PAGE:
Mean analgesia time was similar in all four groups. In the review of the literature undertaken to plan the present clinical assay, studies comparing caudal epidural block and peripheral nerve blocks for postoperative analgesia in pediatric orthopedic surgeries were not found.
The initial hypothesis of the present study was that peripheral nerve blocks would provide significantly longer analgesia than caudal block. However, the results did not show differences among the techniques evaluated.
The duration of analgesia seems to be shorter in children than in adults11. A study in rats demonstrated that the duration of sciatic nerve block is proportional to the absolute dose of the local anesthetic. When doses based on body weight were used the duration of the blockade was shorter in rat infants than in adult rats. While the dose of local anesthetic capable of producing cardiovascular or central nervous system toxicity is proportional to body weight, the effective dose to produce nerve block is only weakly dependent on body size12-14. In the present study, 3.5 mg.kg-1 of ropivacaine was used, but some studies have demonstrated that the maximal safe dose of ropivacaine recommended is greater than 4 mg.kg-1 15.
Differences in mean morphine consumption were not observed among the study groups. It has been demonstrated that the use of morphine is safe and effective in children of all ages. The recommended oral dose varies from 0.2 to 0.4 mg.kg-1 every four hours16, and the bioavailability of the drug is lower due to first-pass metabolism in the liver and bowel17-19. Despite this fact, using the lower recommended oral dose of morphine according to the scores achieved was effective providing comfort to the patients after the analgesic effect of the blockades wore off, with a low incidence of adverse events. Besides pain relief, a mild sedative effect was observed after the administration of morphine20. This can be useful for children who are irritated during postoperative follow-up due to the discomfort of immobilization.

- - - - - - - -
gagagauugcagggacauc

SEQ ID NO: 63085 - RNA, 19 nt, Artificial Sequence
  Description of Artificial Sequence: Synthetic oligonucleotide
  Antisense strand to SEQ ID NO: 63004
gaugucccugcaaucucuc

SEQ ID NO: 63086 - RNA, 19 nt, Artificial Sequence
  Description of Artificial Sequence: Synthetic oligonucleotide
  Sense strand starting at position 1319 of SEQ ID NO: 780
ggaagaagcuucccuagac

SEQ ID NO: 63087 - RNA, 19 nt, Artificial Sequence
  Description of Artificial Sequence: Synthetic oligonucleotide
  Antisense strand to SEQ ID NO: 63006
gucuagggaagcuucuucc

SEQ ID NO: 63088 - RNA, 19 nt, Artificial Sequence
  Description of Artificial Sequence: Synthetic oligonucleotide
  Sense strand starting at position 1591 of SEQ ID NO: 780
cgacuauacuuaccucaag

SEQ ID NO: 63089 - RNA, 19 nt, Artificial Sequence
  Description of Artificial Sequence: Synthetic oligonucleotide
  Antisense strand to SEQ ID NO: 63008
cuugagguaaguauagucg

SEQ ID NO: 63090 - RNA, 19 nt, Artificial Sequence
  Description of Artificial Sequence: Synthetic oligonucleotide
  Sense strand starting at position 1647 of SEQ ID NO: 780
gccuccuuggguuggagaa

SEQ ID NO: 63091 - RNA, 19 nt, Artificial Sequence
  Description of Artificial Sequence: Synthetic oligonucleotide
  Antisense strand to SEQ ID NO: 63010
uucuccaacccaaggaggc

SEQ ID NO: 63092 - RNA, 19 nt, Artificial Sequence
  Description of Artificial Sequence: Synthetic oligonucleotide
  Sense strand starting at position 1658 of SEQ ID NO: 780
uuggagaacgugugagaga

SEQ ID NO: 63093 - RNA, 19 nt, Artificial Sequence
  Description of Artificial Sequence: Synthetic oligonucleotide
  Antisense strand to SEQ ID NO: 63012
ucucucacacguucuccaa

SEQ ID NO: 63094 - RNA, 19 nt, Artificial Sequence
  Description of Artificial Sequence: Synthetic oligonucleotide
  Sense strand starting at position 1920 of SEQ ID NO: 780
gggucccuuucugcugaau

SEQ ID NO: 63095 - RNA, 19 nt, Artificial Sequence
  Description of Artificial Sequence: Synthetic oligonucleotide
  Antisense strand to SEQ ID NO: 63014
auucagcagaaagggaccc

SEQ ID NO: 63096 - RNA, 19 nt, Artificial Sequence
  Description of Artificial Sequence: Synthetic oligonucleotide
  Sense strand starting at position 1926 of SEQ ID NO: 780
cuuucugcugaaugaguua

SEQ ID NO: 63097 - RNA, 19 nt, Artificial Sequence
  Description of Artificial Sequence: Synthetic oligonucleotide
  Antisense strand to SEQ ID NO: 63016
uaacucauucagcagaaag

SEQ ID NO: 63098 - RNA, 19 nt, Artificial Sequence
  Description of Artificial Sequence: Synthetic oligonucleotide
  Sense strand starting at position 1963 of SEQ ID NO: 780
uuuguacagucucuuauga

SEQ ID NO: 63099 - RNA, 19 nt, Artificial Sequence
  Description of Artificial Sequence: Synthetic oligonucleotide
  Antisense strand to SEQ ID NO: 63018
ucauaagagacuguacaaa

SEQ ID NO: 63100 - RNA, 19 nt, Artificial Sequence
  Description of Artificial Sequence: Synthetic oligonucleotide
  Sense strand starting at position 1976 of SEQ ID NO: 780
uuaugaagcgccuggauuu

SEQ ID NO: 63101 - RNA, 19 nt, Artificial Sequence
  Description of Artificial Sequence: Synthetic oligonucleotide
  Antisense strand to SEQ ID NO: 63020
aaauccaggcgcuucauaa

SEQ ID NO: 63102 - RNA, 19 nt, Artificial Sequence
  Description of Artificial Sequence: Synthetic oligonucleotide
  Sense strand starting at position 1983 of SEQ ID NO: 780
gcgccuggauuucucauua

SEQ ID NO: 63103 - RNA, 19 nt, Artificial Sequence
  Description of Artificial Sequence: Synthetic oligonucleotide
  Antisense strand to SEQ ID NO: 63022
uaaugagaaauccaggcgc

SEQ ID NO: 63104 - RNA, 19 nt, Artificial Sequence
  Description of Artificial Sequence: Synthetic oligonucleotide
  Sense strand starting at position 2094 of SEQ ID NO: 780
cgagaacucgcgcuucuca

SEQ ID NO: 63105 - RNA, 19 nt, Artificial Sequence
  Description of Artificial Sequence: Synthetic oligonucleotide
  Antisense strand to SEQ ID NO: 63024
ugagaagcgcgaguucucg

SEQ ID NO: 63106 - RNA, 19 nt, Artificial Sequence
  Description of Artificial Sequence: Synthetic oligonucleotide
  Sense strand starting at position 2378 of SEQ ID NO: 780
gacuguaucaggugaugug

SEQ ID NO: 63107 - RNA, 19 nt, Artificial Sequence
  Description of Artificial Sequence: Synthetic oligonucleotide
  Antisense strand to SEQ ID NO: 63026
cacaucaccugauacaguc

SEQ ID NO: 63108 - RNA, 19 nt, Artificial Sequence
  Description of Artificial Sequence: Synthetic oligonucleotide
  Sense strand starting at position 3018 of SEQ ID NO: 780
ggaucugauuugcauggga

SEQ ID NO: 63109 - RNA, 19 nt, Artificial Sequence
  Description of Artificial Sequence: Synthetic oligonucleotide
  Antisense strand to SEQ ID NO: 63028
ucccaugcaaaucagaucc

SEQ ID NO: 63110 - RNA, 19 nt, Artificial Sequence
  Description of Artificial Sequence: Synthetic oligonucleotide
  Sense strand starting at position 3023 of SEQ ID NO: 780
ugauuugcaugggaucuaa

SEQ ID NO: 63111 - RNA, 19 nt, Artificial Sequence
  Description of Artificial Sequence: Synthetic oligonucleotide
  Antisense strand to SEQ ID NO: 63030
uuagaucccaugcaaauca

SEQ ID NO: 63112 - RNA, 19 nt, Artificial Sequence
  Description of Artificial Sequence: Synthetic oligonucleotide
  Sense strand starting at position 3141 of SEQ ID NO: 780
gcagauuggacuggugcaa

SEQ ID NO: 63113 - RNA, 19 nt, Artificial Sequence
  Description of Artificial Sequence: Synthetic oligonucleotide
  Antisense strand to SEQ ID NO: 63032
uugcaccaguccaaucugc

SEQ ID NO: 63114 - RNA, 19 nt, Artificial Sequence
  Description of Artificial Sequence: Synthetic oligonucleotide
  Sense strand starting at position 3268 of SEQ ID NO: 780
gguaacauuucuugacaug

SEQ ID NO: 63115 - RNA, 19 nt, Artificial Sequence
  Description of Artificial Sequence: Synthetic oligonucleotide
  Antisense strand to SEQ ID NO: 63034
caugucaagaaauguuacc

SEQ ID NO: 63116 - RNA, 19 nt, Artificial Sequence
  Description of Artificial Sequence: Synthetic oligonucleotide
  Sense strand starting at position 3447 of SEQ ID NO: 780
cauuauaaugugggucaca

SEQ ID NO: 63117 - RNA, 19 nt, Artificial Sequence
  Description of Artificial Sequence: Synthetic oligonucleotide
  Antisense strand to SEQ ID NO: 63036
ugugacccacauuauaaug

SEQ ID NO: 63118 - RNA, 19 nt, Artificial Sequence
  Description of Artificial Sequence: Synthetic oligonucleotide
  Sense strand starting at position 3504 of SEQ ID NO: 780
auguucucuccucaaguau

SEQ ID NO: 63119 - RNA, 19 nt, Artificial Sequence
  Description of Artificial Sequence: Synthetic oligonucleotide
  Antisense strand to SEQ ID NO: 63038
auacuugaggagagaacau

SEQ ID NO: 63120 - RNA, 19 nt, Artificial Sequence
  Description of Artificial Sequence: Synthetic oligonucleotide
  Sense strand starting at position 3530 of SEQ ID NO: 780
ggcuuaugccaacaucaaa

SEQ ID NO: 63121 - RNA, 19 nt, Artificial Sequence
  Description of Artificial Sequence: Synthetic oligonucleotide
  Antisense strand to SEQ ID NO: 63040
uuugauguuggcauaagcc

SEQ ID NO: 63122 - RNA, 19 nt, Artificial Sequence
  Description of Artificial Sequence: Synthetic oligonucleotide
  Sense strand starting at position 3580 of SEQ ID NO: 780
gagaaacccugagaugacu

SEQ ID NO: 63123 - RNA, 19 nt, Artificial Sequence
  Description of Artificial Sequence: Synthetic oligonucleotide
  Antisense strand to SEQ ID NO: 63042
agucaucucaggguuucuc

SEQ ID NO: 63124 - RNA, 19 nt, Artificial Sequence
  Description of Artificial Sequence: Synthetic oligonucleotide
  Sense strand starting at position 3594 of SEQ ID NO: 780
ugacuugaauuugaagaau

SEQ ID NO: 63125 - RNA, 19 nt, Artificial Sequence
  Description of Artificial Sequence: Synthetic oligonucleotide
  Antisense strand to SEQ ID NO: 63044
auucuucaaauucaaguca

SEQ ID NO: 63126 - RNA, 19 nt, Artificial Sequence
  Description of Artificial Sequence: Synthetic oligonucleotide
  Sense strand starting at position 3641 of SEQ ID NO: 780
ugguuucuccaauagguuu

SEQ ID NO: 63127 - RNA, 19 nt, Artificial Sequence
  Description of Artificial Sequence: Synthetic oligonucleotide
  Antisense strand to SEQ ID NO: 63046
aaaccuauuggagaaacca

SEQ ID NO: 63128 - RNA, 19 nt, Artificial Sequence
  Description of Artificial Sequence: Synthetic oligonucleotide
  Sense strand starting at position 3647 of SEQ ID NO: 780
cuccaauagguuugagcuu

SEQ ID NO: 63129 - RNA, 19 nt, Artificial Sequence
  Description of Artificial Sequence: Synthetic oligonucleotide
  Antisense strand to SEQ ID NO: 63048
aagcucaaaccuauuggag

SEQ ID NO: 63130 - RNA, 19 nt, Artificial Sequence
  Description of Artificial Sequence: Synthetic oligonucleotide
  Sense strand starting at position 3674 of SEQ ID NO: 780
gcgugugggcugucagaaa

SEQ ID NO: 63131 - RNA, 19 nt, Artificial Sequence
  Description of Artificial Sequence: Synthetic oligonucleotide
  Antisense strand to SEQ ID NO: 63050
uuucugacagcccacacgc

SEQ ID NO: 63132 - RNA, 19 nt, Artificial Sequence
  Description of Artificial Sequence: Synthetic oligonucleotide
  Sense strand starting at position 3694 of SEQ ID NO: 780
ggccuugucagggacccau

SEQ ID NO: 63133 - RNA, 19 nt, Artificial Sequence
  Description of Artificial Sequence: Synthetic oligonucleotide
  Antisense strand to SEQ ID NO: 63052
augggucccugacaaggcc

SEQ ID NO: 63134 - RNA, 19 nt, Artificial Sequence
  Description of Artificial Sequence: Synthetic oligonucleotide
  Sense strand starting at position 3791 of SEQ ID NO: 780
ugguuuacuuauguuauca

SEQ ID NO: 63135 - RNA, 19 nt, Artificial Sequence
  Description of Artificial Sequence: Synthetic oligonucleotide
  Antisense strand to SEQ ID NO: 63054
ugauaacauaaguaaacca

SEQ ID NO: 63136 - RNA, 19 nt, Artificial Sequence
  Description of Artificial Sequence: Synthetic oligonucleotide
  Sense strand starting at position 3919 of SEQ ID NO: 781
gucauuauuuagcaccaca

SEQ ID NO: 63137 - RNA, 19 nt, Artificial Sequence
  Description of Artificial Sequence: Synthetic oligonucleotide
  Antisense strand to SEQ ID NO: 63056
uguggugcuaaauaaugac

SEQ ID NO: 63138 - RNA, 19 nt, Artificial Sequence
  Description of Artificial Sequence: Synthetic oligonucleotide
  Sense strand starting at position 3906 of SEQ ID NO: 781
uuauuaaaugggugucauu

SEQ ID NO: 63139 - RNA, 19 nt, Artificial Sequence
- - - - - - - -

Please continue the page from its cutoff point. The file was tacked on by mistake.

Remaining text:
Alternatively, continuous regional blocks can provide greater analgesia and lower opioid consumption when compared to single-injection techniques. On the other hand, the difficulty to maintain the position of the catheter can limit its application11. The use of opioids and other adjuvant associated with the local anesthetic is also an alternative to prolong the duration of analgesia2,21,22.
Plaster cast immobilization can cause compartment syndrome and pressure sores23. Case reports in the literature have demonstrated that epidural block with low concentration of the local anesthetic in children does not mask the symptoms of compartment syndrome. Serial exams of the operated limb, even in the presence of adequate analgesia, are recommended17. In case of persisting pain, the cast should be removed and the area examined23. In the present study, the use of low concentration ropivacaine (0.35%) and serial postoperative evaluations allowed early detection of cases in which the plaster cast might be causing more pain and discomfort than expected. It was observed that the need to open the cast for decompression and to improve perfusion was higher in patients with higher morphine consumption in the first 24 hours. It is possible that the lack of effectiveness of morphine in those cases, associated with changes in the extremity on physical exam, worked as a presumptive indicator of tissue damage secondary to cast compression. To conclude, differences between peripheral nerve blocks and caudal epidural block regarding the duration of postoperative analgesia and morphine consumption in the first 24 hours after anesthesia were not observed in the present study.
01. Ross AK, Eck JG, Tobias JD - Pediatric regional anesthesia: beyond the caudal. Anesth Analg 2000;91:16-26. [ Links ]
02. Dalens B - Some current controversies in paediatric regional anaesthesia. Curr Opin Anaesthesiol, 2006;19:301-308. [ Links ]
03. Tobias JD - Regional anaesthesia of the lower extremity in infants and children. Paediatr Anaesth, 2003;13:152-163. [ Links ]
04. Tsui BCH, Berde CB - Caudal analgesia and anesthesia techniques in children. Curr Opin Anaesthesiol, 2005;18:283-288. [ Links ]